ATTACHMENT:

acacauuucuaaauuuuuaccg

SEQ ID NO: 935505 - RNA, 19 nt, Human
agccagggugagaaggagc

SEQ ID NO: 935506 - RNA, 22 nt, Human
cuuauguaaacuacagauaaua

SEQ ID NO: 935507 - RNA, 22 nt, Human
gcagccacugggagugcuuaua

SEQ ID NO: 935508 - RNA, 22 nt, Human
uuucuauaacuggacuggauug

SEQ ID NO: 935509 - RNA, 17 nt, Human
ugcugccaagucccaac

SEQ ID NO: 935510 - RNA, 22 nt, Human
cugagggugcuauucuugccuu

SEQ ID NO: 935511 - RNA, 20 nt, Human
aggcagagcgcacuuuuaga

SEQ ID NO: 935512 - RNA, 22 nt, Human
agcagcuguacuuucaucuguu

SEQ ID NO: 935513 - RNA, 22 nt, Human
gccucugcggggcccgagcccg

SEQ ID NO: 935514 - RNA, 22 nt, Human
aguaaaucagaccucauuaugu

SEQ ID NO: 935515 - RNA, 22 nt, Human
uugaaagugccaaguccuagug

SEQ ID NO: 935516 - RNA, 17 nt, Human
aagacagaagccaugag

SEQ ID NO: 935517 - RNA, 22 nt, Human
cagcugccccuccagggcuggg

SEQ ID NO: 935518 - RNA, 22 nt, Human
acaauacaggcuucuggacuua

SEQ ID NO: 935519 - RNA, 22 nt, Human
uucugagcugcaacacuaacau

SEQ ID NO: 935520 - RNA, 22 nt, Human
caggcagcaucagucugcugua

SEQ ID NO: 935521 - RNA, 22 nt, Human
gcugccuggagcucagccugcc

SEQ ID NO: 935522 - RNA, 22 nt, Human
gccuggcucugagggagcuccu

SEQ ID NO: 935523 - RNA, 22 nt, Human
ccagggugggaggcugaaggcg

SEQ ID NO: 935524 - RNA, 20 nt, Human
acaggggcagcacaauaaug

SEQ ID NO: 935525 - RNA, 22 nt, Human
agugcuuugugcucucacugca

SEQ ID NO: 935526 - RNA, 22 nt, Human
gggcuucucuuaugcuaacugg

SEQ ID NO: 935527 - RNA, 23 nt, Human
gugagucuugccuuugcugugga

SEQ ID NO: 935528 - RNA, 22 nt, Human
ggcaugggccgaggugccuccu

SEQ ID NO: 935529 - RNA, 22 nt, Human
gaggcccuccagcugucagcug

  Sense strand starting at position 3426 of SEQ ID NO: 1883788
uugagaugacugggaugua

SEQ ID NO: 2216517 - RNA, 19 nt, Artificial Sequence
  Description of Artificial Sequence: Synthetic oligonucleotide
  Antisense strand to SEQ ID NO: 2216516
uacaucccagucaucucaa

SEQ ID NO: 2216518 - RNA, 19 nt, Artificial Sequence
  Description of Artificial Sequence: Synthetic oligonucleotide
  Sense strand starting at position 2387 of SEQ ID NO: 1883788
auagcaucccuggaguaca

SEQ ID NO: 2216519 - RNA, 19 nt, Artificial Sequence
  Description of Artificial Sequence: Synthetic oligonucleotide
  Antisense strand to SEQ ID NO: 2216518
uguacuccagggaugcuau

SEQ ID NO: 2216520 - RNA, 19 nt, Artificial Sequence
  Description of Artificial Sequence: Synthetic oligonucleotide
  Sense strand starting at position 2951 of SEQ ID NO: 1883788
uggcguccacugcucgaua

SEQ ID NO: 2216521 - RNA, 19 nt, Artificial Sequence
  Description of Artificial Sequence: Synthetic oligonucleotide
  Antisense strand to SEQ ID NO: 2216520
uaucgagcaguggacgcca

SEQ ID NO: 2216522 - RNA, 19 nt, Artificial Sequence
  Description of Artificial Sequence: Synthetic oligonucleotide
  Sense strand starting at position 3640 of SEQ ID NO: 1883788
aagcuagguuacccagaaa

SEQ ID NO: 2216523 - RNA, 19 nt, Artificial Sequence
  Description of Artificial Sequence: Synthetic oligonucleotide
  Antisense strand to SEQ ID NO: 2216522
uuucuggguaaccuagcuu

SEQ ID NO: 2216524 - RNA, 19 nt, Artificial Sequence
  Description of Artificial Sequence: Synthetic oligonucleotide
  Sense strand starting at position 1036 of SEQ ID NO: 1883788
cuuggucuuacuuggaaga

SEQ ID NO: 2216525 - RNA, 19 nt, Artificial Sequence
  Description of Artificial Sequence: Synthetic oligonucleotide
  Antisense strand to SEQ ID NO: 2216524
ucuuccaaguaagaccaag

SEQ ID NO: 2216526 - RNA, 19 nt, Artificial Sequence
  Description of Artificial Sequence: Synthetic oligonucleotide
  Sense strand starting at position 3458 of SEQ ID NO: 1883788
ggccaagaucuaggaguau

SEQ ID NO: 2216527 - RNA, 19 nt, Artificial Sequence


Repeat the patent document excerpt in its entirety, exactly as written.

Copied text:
acacauuucuaaauuuuuaccg

SEQ ID NO: 935505 - RNA, 19 nt, Human
agccagggugagaaggagc

SEQ ID NO: 935506 - RNA, 22 nt, Human
cuuauguaaacuacagauaaua

SEQ ID NO: 935507 - RNA, 22 nt, Human
gcagccacugggagugcuuaua

SEQ ID NO: 935508 - RNA, 22 nt, Human
uuucuauaacuggacuggauug

SEQ ID NO: 935509 - RNA, 17 nt, Human
ugcugccaagucccaac

SEQ ID NO: 935510 - RNA, 22 nt, Human
cugagggugcuauucuugccuu

SEQ ID NO: 935511 - RNA, 20 nt, Human
aggcagagcgcacuuuuaga

SEQ ID NO: 935512 - RNA, 22 nt, Human
agcagcuguacuuucaucuguu

SEQ ID NO: 935513 - RNA, 22 nt, Human
gccucugcggggcccgagcccg

SEQ ID NO: 935514 - RNA, 22 nt, Human
aguaaaucagaccucauuaugu

SEQ ID NO: 935515 - RNA, 22 nt, Human
uugaaagugccaaguccuagug

SEQ ID NO: 935516 - RNA, 17 nt, Human
aagacagaagccaugag

SEQ ID NO: 935517 - RNA, 22 nt, Human
cagcugccccuccagggcuggg

SEQ ID NO: 935518 - RNA, 22 nt, Human
acaauacaggcuucuggacuua

SEQ ID NO: 935519 - RNA, 22 nt, Human
uucugagcugcaacacuaacau

SEQ ID NO: 935520 - RNA, 22 nt, Human
caggcagcaucagucugcugua

SEQ ID NO: 935521 - RNA, 22 nt, Human
gcugccuggagcucagccugcc

SEQ ID NO: 935522 - RNA, 22 nt, Human
gccuggcucugagggagcuccu

SEQ ID NO: 935523 - RNA, 22 nt, Human
ccagggugggaggcugaaggcg

SEQ ID NO: 935524 - RNA, 20 nt, Human
acaggggcagcacaauaaug

SEQ ID NO: 935525 - RNA, 22 nt, Human
agugcuuugugcucucacugca

SEQ ID NO: 935526 - RNA, 22 nt, Human
gggcuucucuuaugcuaacugg

SEQ ID NO: 935527 - RNA, 23 nt, Human
gugagucuugccuuugcugugga

SEQ ID NO: 935528 - RNA, 22 nt, Human
ggcaugggccgaggugccuccu

SEQ ID NO: 935529 - RNA, 22 nt, Human
gaggcccuccagcugucagcug

  Sense strand starting at position 3426 of SEQ ID NO: 1883788
uugagaugacugggaugua

SEQ ID NO: 2216517 - RNA, 19 nt, Artificial Sequence
  Description of Artificial Sequence: Synthetic oligonucleotide
  Antisense strand to SEQ ID NO: 2216516
uacaucccagucaucucaa

SEQ ID NO: 2216518 - RNA, 19 nt, Artificial Sequence
  Description of Artificial Sequence: Synthetic oligonucleotide
  Sense strand starting at position 2387 of SEQ ID NO: 1883788
auagcaucccuggaguaca

SEQ ID NO: 2216519 - RNA, 19 nt, Artificial Sequence
  Description of Artificial Sequence: Synthetic oligonucleotide
  Antisense strand to SEQ ID NO: 2216518
uguacuccagggaugcuau

SEQ ID NO: 2216520 - RNA, 19 nt, Artificial Sequence
  Description of Artificial Sequence: Synthetic oligonucleotide
  Sense strand starting at position 2951 of SEQ ID NO: 1883788
uggcguccacugcucgaua

SEQ ID NO: 2216521 - RNA, 19 nt, Artificial Sequence
  Description of Artificial Sequence: Synthetic oligonucleotide
  Antisense strand to SEQ ID NO: 2216520
uaucgagcaguggacgcca

SEQ ID NO: 2216522 - RNA, 19 nt, Artificial Sequence
  Description of Artificial Sequence: Synthetic oligonucleotide
  Sense strand starting at position 3640 of SEQ ID NO: 1883788
aagcuagguuacccagaaa

SEQ ID NO: 2216523 - RNA, 19 nt, Artificial Sequence
  Description of Artificial Sequence: Synthetic oligonucleotide
  Antisense strand to SEQ ID NO: 2216522
uuucuggguaaccuagcuu

SEQ ID NO: 2216524 - RNA, 19 nt, Artificial Sequence
  Description of Artificial Sequence: Synthetic oligonucleotide
  Sense strand starting at position 1036 of SEQ ID NO: 1883788
cuuggucuuacuuggaaga

SEQ ID NO: 2216525 - RNA, 19 nt, Artificial Sequence
  Description of Artificial Sequence: Synthetic oligonucleotide
  Antisense strand to SEQ ID NO: 2216524
ucuuccaaguaagaccaag

SEQ ID NO: 2216526 - RNA, 19 nt, Artificial Sequence
  Description of Artificial Sequence: Synthetic oligonucleotide
  Sense strand starting at position 3458 of SEQ ID NO: 1883788
ggccaagaucuaggaguau

SEQ ID NO: 2216527 - RNA, 19 nt, Artificial Sequence